Install prerequisites

  1. Before installing Microsoft Endpoint Configuration Manager, we must install prerequisite services and features. Type the following command at an elevated Windows PowerShell prompt on SRV1:

    If the request to add features fails, retry the installation by typing the command again.

  2. Download SQL Server SP2 from the Microsoft Evaluation Center as an .ISO file on the Hyper-V host computer. Save the file to the C:\VHD directory.

  3. When you have downloaded the file SQLServerSP2-FullSlipstream-xENU.iso and placed it in the C:\VHD directory, type the following command at an elevated Windows PowerShell prompt on the Hyper-V host:

    This command mounts the .ISO file to drive D on SRV1.

  4. Type the following command at an elevated Windows PowerShell prompt on SRV1 to install SQL Server:

    Installation will take several minutes. When installation is complete, the following output will be displayed:

  5. Type the following commands at an elevated Windows PowerShell prompt on SRV1:

  6. Download and install the latest Windows Assessment and Deployment Kit (ADK) on SRV1 using the default installation settings. The current version is the ADK for Windows 10, version Installation might require several minutes to acquire all components.

Install Microsoft Endpoint Configuration Manager

  1. On SRV1, temporarily disable IE Enhanced Security Configuration for Administrators by typing the following commands at an elevated Windows PowerShell prompt:

  2. Download Microsoft Endpoint Manager and Endpoint Protection on SRV1 (download the executable file anywhere on SRV1), double-click the file, enter C:\configmgr for Unzip to folder, and click Unzip. The C:\configmgr directory will be automatically created. Click OK and then close the WinZip Self-Extractor dialog box when finished.

  3. Before starting the installation, verify that WMI is working on SRV1. See the following examples. Verify that Running is displayed under Status and True is displayed next to TcpTestSucceeded:

    You can also verify WMI using the WMI console by typing wmimgmt.msc, right-clicking WMI Control (Local) in the console tree, and then clicking Properties.

    If the WMI service is not started, attempt to start it or reboot the computer. If WMI is running but errors are present, see WMIDiag for troubleshooting information.

  4. To extend the Active Directory schema, type the following command at an elevated Windows PowerShell prompt:

  5. Temporarily switch to the DC1 VM, and type the following command at an elevated command prompt on DC1:

  6. Right-click ADSI Edit, click Connect to, select Default (Domain or server that you logged in to) under Computer and then click OK.

  7. Expand Default naming context>DC=contoso,DC=com, and then in the console tree right-click CN=System, point to New, and then click Object.

  8. Click container and then click Next.

  9. Next to Value, type System Management, click Next, and then click Finish.

  10. Right-click CN=system Management and then click Properties.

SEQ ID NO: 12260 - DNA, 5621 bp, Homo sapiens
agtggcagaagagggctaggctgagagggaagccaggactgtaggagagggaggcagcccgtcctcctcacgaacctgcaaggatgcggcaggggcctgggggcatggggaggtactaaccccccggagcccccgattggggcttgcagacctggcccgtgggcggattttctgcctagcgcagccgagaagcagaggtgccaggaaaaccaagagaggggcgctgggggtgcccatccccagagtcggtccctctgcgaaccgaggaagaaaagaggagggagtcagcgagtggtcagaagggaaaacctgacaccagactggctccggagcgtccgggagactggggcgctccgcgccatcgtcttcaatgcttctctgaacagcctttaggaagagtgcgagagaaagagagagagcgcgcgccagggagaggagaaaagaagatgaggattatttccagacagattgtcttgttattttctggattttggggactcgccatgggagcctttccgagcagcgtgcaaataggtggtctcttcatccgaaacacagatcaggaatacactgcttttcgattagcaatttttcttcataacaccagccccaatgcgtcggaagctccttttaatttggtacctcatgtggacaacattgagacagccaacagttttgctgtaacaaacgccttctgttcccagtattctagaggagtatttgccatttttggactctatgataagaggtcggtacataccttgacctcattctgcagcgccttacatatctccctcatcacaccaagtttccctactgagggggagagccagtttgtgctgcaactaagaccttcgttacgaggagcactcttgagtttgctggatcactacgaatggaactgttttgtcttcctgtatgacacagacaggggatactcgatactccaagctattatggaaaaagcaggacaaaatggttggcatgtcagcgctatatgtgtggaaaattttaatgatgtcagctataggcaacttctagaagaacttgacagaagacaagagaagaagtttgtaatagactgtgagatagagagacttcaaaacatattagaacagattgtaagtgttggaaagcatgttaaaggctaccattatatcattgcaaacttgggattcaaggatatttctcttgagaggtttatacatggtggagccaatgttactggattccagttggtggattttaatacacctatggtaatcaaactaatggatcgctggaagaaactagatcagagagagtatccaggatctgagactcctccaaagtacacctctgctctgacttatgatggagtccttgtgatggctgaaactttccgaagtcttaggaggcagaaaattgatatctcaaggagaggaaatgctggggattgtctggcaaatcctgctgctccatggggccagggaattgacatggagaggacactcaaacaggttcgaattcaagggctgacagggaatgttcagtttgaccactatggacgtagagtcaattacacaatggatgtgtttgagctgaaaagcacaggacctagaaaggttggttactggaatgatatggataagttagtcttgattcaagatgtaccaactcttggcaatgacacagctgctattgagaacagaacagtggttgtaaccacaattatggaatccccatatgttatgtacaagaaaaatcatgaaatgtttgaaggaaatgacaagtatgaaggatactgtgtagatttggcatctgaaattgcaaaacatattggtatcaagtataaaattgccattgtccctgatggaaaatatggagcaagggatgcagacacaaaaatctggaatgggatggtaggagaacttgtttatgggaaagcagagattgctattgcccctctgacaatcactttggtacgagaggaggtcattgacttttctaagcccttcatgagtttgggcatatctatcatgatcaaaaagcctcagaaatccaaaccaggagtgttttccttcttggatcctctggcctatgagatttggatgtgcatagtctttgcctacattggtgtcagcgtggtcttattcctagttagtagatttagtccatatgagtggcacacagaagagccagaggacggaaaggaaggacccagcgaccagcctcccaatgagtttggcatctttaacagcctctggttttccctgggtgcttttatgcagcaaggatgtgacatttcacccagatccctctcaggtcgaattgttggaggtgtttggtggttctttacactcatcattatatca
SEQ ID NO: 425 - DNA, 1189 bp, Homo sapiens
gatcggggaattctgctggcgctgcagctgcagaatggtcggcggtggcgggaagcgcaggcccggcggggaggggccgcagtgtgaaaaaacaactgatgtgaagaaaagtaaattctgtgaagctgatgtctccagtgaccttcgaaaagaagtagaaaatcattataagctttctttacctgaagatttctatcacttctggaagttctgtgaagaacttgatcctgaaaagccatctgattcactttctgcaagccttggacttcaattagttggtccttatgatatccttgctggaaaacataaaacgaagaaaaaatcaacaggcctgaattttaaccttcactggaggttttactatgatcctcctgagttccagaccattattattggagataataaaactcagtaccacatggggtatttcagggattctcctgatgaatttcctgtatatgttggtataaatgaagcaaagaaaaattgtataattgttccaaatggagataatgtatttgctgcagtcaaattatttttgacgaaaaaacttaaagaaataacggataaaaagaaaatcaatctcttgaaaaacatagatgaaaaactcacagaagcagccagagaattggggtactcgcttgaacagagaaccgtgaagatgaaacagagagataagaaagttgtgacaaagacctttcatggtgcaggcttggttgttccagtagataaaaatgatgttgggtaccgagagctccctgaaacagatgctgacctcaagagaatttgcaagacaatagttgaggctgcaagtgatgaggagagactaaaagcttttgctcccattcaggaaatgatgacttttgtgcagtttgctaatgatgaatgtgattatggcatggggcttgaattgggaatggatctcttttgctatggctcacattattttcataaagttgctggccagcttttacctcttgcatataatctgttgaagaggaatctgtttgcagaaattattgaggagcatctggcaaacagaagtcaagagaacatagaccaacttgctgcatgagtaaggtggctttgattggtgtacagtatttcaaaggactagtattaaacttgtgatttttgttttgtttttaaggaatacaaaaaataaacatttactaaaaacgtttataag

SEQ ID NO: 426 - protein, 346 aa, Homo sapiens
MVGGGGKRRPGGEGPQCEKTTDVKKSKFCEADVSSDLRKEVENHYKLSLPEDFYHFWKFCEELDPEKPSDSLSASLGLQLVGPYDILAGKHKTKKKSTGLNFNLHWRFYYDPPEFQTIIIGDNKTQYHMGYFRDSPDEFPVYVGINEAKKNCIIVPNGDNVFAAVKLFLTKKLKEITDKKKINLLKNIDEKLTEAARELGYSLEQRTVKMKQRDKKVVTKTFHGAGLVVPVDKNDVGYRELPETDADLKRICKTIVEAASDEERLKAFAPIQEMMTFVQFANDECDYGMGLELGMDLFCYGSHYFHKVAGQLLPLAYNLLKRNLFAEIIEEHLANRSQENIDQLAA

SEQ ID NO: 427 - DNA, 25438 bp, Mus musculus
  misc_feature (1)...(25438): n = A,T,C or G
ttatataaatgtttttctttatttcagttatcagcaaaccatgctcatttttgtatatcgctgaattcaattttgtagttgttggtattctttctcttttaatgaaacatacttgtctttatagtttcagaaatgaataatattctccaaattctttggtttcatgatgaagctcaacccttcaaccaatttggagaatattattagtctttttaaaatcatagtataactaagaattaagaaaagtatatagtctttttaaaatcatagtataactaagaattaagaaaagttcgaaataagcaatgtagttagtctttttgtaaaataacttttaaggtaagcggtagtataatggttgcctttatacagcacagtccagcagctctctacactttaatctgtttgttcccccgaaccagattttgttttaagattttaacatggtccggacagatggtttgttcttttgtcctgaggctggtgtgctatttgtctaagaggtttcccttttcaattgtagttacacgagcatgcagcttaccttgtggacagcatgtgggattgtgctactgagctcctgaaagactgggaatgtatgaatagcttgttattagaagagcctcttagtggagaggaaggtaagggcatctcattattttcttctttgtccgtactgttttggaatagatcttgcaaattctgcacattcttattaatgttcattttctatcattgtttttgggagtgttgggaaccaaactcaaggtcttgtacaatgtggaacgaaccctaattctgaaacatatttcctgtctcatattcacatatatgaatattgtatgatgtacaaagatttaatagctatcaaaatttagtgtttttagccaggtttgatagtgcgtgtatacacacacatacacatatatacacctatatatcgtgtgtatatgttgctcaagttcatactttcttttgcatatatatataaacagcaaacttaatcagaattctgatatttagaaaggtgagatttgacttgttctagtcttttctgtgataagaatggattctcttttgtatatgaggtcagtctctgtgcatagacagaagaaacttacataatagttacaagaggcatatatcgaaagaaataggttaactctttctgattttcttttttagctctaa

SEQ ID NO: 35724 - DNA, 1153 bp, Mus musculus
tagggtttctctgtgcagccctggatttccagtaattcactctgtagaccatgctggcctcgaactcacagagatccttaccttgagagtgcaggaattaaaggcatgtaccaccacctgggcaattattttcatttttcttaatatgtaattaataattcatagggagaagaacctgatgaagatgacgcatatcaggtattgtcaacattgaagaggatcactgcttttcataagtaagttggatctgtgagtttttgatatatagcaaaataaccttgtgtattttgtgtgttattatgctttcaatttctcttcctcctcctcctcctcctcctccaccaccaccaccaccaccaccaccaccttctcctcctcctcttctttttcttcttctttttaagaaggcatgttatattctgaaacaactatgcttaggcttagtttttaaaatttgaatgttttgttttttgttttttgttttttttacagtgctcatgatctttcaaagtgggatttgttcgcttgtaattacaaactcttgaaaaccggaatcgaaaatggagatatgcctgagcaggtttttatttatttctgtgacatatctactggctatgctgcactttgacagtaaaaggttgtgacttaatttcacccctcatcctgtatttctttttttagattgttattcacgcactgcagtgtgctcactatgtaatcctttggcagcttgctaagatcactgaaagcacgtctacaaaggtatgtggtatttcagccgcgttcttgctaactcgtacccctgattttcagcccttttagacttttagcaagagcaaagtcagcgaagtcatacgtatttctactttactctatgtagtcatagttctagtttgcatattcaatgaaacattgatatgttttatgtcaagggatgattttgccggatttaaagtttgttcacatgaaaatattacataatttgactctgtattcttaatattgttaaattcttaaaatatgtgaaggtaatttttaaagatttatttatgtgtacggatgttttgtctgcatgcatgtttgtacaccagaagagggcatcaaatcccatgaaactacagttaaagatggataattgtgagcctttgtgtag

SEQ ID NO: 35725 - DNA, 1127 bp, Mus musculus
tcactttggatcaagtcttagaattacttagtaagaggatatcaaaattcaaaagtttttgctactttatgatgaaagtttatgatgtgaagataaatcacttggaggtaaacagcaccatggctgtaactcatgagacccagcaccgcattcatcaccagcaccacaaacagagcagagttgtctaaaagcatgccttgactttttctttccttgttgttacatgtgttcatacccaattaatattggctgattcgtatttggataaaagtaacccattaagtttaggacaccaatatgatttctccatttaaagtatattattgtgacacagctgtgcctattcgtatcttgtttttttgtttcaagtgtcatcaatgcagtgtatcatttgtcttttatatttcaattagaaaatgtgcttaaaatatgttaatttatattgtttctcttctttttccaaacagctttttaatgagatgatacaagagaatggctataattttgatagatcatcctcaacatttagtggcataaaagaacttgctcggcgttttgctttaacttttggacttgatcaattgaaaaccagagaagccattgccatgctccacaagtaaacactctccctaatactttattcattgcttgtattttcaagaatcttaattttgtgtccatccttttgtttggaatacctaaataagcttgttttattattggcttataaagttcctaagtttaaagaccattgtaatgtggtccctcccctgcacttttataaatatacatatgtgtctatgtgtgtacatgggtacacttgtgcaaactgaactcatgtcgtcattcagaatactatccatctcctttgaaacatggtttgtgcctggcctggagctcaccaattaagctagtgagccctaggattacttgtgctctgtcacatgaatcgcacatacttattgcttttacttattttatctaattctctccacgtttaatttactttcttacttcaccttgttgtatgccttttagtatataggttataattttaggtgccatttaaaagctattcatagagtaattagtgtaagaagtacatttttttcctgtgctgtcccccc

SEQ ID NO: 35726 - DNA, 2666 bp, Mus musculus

11. On the Security tab, click Add, click Object Types, select Computers, and click OK.

  12. Under Enter the object names to select, type SRV1 and click OK.

  13. The SRV1 computer account will be highlighted, select Allow next to Full control.

  14. Click Advanced, click SRV1 (CONTOSO\SRV1$) and click Edit.

  15. Next to Applies to, choose This object and all descendant objects, and then click OK three times.

  16. Close the ADSI Edit console and switch back to SRV1.

  17. To start Configuration Manager installation, type the following command at an elevated Windows PowerShell prompt on SRV1:

  18. Provide the following in the Microsoft Endpoint Manager Setup Wizard:

    • Before You Begin: Read the text and click Next.
    • Getting Started: Choose Install a Configuration Manager primary site and select the Use typical installation options for a stand-alone primary site checkbox.
      • Click Yes in response to the popup window.
    • Product Key: Choose Install the evaluation edition of this Product.
    • Microsoft Software License Terms: Read the terms and then select the I accept these license terms checkbox.
    • Prerequisite Licenses: Review license terms and select all three checkboxes on the page.
    • Prerequisite Downloads: Choose Download required files and enter c:\windows\temp next to Path.
    • Site and Installation Settings: Site code: PS1, Site name: Contoso.
      • use default settings for all other options
    • Usage Data: Read the text and click Next.
    • Service Connection Point Setup: Accept the default settings (SRV1.contoso.com is automatically added under Select a server to use).
    • Settings Summary: Review settings and click Next.
    • Prerequisite Check: No failures should be listed. Ignore any warnings and click Begin Install.

    There should be at most three warnings present: WSUS on site server, configuration for SQL Server memory usage, and SQL Server process memory allocation. These warnings can safely be ignored in this test environment.

    Depending on the speed of the Hyper-V host and resources allocated to SRV1, installation can require approximately one hour. Click Close when installation is complete.

  19. If desired, re-enable IE Enhanced Security Configuration at this time on SRV1:

Download MDOP and install DaRT

  1. Download the Microsoft Desktop Optimization Pack to the Hyper-V host using an MSDN subscription. Download the .ISO file (mu_microsoft_desktop_optimization_pack__x86_x64_dvd_iso, GB) to the C:\VHD directory on the Hyper-V host.

  2. Type the following command at an elevated Windows PowerShell prompt on the Hyper-V host to mount the MDOP file on SRV1:

  3. Type the following command at an elevated Windows PowerShell prompt on SRV1:

  4. Install DaRT 10 using default settings.